Memphis Publishing Co. v. Cherokee Children & Family Services

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Memphis Publishing Co.vs.Cherokee Children & Family Services
Number: M2000-01705-SC-R11-CV
Year: 2002
State: Tennessee
Court: Supreme Court of Tennessee
Other lawsuits in Tennessee
Other lawsuits in 2002
Precedents include:
This case established that private entities could be subject to the state public records law if they performed the "functional equivalent" of a government agency. The functional equivalency test required that a private entity perform a public function and have an acceptable combination of the following criteria so as to deem the private entity the "functional equivalent" of the public body:
  1. Is the private entity publicly funded?
  2. Is the private entity controlled by the government?
  3. Was the private entity created by a governmental body?
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Memphis Publishing Company v. Cherokee was a court case in which the Supreme Court of Tennessee ruled that private entities could be subject to the state public records law if they performed the "functional equivalent" of a government agency.[1]

Important precedents

This case established that private entities could be subject to the state public records law if they performed the "functional equivalent" of a government agency. The functional equivalency test required that a private entity perform a public function and have an acceptable combination of the following criteria so as to deem the private entity the "functional equivalent" of the public body:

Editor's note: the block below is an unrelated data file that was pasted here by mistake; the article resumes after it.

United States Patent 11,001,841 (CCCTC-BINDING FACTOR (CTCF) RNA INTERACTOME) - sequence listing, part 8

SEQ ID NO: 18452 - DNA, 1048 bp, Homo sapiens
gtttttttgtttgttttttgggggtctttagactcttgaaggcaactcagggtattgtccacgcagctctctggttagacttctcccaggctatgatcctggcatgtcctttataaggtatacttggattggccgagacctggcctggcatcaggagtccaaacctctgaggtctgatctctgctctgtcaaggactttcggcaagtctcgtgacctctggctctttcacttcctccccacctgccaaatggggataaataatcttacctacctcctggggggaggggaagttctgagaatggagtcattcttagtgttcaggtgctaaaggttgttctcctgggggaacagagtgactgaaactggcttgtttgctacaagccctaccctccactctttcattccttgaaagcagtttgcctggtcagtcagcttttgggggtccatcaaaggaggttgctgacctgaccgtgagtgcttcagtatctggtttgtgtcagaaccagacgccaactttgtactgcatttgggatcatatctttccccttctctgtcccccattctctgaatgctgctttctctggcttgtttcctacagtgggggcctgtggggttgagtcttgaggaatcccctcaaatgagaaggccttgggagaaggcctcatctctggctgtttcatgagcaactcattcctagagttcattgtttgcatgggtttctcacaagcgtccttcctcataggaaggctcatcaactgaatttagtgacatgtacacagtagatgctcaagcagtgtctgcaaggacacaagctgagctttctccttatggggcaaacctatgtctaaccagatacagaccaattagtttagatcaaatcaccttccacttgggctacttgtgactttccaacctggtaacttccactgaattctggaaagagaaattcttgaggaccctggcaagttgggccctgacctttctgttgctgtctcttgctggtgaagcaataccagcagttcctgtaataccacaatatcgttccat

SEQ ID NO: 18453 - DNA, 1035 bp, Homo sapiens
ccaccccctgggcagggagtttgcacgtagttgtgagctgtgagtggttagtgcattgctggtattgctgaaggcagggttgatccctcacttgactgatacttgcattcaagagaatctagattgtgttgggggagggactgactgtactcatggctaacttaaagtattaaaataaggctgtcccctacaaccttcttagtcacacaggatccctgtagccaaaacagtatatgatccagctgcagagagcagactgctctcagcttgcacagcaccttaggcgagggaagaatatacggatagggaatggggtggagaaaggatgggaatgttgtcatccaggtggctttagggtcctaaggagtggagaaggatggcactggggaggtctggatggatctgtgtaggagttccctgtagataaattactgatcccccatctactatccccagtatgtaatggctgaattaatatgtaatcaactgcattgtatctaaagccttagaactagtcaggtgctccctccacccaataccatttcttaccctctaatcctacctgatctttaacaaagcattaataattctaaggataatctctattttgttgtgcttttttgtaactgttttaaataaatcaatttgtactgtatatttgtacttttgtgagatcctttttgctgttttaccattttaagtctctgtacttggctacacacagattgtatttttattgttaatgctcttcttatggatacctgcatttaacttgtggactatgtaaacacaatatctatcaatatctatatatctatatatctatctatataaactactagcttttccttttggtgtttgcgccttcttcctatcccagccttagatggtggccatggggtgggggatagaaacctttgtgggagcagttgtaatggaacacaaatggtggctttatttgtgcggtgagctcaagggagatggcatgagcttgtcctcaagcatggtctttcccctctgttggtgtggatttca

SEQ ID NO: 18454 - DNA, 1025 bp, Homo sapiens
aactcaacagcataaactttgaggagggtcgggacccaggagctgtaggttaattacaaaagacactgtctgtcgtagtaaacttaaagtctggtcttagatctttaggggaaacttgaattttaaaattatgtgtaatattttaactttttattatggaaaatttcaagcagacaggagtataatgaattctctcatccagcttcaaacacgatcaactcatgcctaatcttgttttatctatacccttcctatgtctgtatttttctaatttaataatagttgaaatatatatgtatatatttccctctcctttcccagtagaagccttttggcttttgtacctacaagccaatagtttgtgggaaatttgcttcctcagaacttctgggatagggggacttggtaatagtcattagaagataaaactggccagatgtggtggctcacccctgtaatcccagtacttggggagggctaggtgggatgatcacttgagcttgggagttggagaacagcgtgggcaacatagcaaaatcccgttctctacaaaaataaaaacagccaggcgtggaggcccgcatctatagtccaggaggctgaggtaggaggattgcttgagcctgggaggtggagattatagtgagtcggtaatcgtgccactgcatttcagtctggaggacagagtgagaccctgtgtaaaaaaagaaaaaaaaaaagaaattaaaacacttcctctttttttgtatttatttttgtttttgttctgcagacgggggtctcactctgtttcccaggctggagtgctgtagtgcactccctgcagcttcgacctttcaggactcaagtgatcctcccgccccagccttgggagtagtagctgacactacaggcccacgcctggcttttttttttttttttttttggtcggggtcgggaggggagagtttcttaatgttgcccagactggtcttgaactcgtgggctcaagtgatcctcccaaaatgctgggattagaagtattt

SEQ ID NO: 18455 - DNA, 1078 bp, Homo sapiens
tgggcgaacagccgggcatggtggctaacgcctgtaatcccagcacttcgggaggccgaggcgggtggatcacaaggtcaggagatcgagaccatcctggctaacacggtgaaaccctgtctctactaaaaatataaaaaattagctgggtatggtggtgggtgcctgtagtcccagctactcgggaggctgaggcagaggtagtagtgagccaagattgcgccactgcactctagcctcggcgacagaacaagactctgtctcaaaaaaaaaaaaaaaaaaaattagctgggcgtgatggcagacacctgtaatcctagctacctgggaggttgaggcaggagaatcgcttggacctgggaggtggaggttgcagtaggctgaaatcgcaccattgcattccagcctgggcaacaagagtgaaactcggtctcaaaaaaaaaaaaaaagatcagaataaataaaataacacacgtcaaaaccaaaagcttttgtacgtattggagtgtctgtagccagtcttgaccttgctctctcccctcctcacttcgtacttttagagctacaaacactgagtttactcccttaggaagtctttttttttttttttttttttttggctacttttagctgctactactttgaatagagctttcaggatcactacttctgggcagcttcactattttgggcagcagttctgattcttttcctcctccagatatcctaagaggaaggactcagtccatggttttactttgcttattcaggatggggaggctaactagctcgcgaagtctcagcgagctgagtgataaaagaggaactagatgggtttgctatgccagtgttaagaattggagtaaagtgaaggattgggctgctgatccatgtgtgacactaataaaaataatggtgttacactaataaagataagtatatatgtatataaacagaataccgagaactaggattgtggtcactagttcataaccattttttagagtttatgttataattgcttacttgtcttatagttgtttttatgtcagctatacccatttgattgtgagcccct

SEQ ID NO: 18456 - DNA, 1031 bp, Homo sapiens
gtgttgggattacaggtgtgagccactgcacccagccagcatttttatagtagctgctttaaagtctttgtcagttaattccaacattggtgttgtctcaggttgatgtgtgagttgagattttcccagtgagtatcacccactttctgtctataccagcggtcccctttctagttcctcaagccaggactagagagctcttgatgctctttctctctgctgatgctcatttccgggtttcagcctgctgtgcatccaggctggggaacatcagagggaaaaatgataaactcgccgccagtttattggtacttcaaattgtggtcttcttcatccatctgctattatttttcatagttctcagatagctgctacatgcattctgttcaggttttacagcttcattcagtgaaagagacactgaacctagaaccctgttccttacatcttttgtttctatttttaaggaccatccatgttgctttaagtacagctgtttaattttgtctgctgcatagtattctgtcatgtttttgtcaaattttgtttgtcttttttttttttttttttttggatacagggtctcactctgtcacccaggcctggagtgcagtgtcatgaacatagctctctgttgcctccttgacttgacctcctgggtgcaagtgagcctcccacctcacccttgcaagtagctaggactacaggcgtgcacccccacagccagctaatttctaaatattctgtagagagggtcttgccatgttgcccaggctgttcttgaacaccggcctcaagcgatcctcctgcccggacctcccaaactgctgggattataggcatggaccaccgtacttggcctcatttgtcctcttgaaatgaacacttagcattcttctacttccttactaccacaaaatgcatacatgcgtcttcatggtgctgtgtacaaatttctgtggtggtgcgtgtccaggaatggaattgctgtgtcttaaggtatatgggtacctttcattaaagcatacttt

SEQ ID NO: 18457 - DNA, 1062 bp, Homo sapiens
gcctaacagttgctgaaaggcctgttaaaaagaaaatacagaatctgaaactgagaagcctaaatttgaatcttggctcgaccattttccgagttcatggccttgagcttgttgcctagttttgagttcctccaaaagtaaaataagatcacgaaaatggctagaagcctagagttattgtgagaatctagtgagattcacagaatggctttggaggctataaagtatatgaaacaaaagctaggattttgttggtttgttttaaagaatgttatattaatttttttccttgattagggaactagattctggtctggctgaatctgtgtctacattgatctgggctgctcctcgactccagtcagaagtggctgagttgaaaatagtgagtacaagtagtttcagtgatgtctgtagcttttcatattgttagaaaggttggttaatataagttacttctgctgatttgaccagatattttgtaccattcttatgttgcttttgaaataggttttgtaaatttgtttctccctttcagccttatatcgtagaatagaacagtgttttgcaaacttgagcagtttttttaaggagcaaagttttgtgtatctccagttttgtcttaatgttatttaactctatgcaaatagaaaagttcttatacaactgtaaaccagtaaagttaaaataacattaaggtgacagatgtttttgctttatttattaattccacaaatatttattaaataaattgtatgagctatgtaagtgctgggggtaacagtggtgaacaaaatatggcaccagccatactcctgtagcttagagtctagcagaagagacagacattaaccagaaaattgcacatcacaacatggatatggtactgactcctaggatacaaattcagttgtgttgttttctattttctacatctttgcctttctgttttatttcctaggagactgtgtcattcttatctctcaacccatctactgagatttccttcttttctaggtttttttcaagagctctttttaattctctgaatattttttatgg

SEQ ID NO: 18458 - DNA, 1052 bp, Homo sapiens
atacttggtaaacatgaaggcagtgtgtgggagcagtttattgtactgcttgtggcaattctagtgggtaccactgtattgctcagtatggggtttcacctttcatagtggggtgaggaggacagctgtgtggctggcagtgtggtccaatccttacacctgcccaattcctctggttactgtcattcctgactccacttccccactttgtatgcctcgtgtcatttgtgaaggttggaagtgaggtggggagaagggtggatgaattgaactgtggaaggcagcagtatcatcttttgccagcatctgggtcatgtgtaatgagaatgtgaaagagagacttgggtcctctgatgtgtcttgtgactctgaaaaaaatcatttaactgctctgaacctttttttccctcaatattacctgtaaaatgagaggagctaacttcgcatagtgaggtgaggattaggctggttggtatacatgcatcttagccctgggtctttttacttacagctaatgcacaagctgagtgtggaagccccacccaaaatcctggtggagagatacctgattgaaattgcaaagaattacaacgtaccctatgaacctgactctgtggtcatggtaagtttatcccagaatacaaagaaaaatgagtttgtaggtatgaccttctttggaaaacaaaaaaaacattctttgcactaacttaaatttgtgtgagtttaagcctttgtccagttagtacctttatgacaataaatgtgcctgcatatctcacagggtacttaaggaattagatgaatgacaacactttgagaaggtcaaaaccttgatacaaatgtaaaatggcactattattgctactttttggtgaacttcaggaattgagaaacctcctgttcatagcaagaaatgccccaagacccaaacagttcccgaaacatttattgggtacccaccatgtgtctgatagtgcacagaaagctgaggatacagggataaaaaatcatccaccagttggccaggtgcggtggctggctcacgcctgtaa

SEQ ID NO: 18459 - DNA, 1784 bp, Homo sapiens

1. Is the private entity publicly funded?
  2. Is the private entity controlled by the government?
  3. Was the private entity created by a governmental body?[2]

Background

The ruling, handed down in September 2002, stemmed from a lawsuit brought by the parent company of the Memphis Commercial Appeal newspaper against a nonprofit corporation that held a state contract to arrange child care services for low-income parents, Cherokee Children and Family Services Inc. Amid questions about the charity's financial management, The Commercial Appeal asked Cherokee to make public various financial records, and Cherokee refused. The charity also turned down requests for the same records made by auditors from the office of state Comptroller John Morgan.[3]

The newspaper then sued Cherokee, arguing that it provided a service in place of the state Department of Human Services, and thus, was the equivalent of a government agency and was subject to the state public records law.[4]

The material facts of the case, as outlined by the Supreme Court are as follows:

  • Cherokee Children & Family Services (CCFS) is a private non-profit incorporated in 1989. Shortly after incorporation, CCFS entered into a contract with the state to provide child care services through the ennessee Department of Human Services (TDHS). They also amended their bylaws and redefined their purpose to be to provide childcare for individuals, as recommended by TDHS, through funding from federal and state grants.
  • From 1990-2000, in Shelby County, CCFS assisted individuals in obtaining approved childcare on behalf of TDHS who then paid the childcare provider.
  • CCFS worked under three separate contracts with the state:
  1. From 1990-1992 CCFS was reimbursed from the state for activities directly approved by the state.
  2. From 1992-1999 CCFS was awarded fees for the services it provided through a percentage of all payments made to approved child care providers. This contract also permitted inspection of CCFS financial records by the state.
  3. The third contract, which ran a portion of 2000, returned to the original cost reimbursement model, but retained the ability of the state to audit CCFS.
  • In 1999, the Commercial Appeal, the Memphis daily newspaper, began investigating CCFS for a part of a story. In the process of the investigation, the newspaper submitted extensive records requests to CCFS.
  • When CCFS rejected the request, the newspaper filed suit.
  • The trial court ruled in favor of the newspaper and the court of appeals overturned the decision and ruled in favor of CCFS.